On paid leave: Nevada Union assistant principal admits mistake
A Nevada Union High School assistant principal placed on paid administrative leave Thursday said he made a mistake and understands the district’s decision.
Sven Ostrom, who plans to retire in June after 31 years at Nevada Union, said he was placed on leave after helping a student with a petition to keep current NU Principal Marty Mathiesen and Assistant Principal Cathy Peterson on campus. School board members last month approved a transfer of the two administrators to other district campuses.
“A few days ago, a student asked me about how to undergo putting together a petition supporting Marty Mathiesen and Cathy Peterson staying at Nevada Union,” Ostrom said. “So I wrote out in my own handwriting a paragraph he could use. And, bless his heart, he took the paragraph I wrote and used it as cover sheet for his petition.”
As the student circulated the petition, it apparently ended up in the district office, Ostrom said.
“So I was in (Assistant Superintendent) Trisha Dellis’ office, looked at it and said ‘Yes that’s my handwriting’ and told her what I did. It was probably bad judgment on my part. You’re not supposed to use kids for political purposes. I thought it would be a good lesson. He asked me, so I did it.
“I do want to publicly apologize to my colleagues and the student involved,” Ostrom said.
How long Ostrom will remain on leave is not yet known, Interim Superintendent Marianne Cartan said Friday, noting an investigation is ongoing.
Ostrom said he was asked to turn in his radio and campus keys and was asked by Dellis if he had anything he needed from his classroom. But when he said he wanted to retrieve his lunchbox, he said he was told by Dellis that his wife, Robin, would have to pick it up and that he would have to make other arrangements to also get his truck, which was parked on campus.
“I wanted to get my lunchbox, because it’s
pretty special to me. It’s the one my dad (Alec) used every day in the Northstar (gold) mines,” Ostrom said. “Besides, it had codfish in it and I didn’t want to stink up the office, being a good Swedish guy, you know.”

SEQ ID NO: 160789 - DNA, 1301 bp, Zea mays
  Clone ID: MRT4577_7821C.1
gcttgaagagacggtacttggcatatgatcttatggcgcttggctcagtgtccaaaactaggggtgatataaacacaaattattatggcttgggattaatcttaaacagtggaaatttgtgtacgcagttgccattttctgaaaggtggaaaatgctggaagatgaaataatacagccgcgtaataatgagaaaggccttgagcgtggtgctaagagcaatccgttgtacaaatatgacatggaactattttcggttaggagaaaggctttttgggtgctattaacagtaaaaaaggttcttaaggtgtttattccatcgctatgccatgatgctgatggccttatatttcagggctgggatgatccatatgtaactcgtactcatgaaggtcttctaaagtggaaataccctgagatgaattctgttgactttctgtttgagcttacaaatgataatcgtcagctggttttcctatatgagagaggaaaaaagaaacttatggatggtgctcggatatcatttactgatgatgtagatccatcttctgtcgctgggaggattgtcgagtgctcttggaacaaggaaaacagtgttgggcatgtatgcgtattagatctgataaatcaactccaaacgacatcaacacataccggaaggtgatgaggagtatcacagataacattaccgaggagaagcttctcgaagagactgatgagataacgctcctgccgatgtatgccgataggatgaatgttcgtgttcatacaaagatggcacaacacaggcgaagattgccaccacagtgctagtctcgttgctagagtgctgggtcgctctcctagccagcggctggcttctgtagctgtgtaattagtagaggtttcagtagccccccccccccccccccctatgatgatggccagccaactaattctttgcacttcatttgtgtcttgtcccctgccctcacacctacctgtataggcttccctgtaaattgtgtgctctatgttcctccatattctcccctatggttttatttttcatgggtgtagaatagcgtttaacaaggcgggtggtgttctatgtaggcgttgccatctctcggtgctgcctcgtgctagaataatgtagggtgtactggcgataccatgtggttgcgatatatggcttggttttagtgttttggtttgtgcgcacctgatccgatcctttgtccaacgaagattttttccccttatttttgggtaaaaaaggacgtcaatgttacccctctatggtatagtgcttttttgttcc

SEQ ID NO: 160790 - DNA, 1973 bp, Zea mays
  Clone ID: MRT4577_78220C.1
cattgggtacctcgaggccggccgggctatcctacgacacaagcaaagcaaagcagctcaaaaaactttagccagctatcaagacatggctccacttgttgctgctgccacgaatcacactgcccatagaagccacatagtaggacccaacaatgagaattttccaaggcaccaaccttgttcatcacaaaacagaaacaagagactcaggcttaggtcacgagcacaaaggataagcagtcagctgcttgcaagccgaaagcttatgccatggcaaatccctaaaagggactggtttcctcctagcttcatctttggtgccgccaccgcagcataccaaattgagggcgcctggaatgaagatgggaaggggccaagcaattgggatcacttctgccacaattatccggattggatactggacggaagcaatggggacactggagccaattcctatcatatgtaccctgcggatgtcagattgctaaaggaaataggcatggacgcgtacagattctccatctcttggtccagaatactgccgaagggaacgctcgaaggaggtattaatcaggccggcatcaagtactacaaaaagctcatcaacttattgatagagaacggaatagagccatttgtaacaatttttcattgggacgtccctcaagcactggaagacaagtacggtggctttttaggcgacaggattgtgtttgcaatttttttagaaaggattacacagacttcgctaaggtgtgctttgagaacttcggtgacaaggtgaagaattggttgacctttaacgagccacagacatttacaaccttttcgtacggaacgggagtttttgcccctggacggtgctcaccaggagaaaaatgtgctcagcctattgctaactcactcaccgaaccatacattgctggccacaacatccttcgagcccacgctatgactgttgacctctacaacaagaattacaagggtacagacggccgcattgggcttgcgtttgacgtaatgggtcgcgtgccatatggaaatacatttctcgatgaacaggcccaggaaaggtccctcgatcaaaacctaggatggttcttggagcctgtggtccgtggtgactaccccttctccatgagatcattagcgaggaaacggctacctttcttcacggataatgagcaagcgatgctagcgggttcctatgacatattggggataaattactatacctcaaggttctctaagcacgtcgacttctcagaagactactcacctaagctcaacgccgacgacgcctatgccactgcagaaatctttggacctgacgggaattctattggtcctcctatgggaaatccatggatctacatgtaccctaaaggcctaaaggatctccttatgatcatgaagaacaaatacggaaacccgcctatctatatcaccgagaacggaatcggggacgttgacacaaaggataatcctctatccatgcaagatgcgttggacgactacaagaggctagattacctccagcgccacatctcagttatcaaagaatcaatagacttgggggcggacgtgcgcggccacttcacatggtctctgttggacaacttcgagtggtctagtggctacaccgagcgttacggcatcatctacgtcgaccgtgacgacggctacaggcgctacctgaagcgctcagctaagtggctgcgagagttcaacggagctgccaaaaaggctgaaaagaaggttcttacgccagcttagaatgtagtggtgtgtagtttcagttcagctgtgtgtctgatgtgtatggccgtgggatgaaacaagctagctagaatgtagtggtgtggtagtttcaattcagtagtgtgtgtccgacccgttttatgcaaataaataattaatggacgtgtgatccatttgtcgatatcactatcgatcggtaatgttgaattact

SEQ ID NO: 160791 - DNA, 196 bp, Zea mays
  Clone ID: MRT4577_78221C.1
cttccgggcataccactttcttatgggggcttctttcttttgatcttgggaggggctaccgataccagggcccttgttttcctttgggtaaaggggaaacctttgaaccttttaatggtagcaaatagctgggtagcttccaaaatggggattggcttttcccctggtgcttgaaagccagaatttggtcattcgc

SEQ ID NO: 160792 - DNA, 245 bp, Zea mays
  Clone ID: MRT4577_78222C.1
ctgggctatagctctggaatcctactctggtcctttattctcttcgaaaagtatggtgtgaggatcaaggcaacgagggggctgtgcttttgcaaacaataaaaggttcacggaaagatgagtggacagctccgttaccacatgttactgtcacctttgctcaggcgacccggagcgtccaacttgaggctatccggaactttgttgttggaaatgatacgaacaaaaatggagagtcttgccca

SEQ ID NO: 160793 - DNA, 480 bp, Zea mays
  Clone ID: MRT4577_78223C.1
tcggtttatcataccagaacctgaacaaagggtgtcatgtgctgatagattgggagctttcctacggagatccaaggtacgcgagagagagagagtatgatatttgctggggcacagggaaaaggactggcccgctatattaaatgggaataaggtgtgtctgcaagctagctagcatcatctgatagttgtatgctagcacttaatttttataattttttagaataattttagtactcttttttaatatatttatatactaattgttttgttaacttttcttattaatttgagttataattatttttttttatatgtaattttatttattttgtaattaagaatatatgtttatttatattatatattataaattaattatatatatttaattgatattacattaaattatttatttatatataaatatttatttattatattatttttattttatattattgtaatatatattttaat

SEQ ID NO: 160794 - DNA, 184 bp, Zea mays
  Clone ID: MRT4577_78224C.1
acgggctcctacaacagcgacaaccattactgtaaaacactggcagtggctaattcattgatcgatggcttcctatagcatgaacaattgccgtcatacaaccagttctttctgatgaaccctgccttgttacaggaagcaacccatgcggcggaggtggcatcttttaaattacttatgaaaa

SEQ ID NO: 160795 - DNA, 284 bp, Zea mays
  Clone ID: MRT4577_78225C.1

Upon leaving the superintendent’s office, Ostrom said he encountered Nevada Joint Union High School District Board President Mark Heauser, who had not yet received the news of Ostrom’s leave. Although Ostrom felt that was “peculiar,” Cartan confirmed the leave was an administrative decision that had just been made and was about to be reported to board members.
Heauser said Friday he gave Ostrom a ride to his pickup truck.
Robin Ali, who also plans to retire this year after 30 years at Nevada Union, said she thinks her husband was disrespected by not being allowed to retrieve his own belongings and to walk across campus alone to his truck.
“Just the disregard,” she said. “A guy who’s worked there and made such a difference in kids lives for 30 years couldn’t walk 30 yards out his office and get his lunchbox? I just haven’t heard of such disregard for people.”
Cartan said Dellis was only following district policy on administrative leave, when she would not allow Ostrom to return to campus unescorted.
“That’s protocol,” Cartan said, “and reason being for his removal from the environment is so the investigation could take place. When you’re investigating the report, and the investigation is pending, you are placed on paid administrative leave and that’s not a punitive situation. It could be for one, for two days, depending on the severity of the situation, or it could be very short.
“It was not personal at all,” Cartan said. “Nothing was done out of the ordinary.”
Ostrom has taught English, history and math at Nevada Union, while also having served as a basketball and baseball coach, in addition to his role as an administrator.
Many members of his family have taught at the school, including his uncle Homer “Buzz” Ostrom, one of Nevada Union’s first football coaches and the namesake for Sierra College’s football field in Rocklin. Homer’s children, Sig Ostrom and his sister, Nordis, each coached track and field at Nevada Union.
The Ostrom family now has a third generation of teachers at Nevada Union, including Loren Brown, Sig Ostrom’s brother-in-law and Allison Cassell, Sig Ostrom’s daughter, who teaches the same subject – science – in the same classroom her father once taught, Sven Ostrom said.
“Sven and I have a total of 60 plus years of service at Nevada Union,” Robin Ali said. “And we are not going to allow these actions by a few people in our last 35 days overshadow that.”
As to the transfer of Mathiesen and Peterson from Nevada Union, Sven Ostrom said although he should not have helped the student craft the petition, the situation has caused concern among fellow administrators on campus.
“I think it’s very unsettled, because all the administrators are looking over their shoulders,” he said. “But I screwed up. With my experience as an administrator, I should have handled it differently.”
To contact City Editor Brian Hamilton, e-mail firstname.lastname@example.org or call (530) 477-4249.
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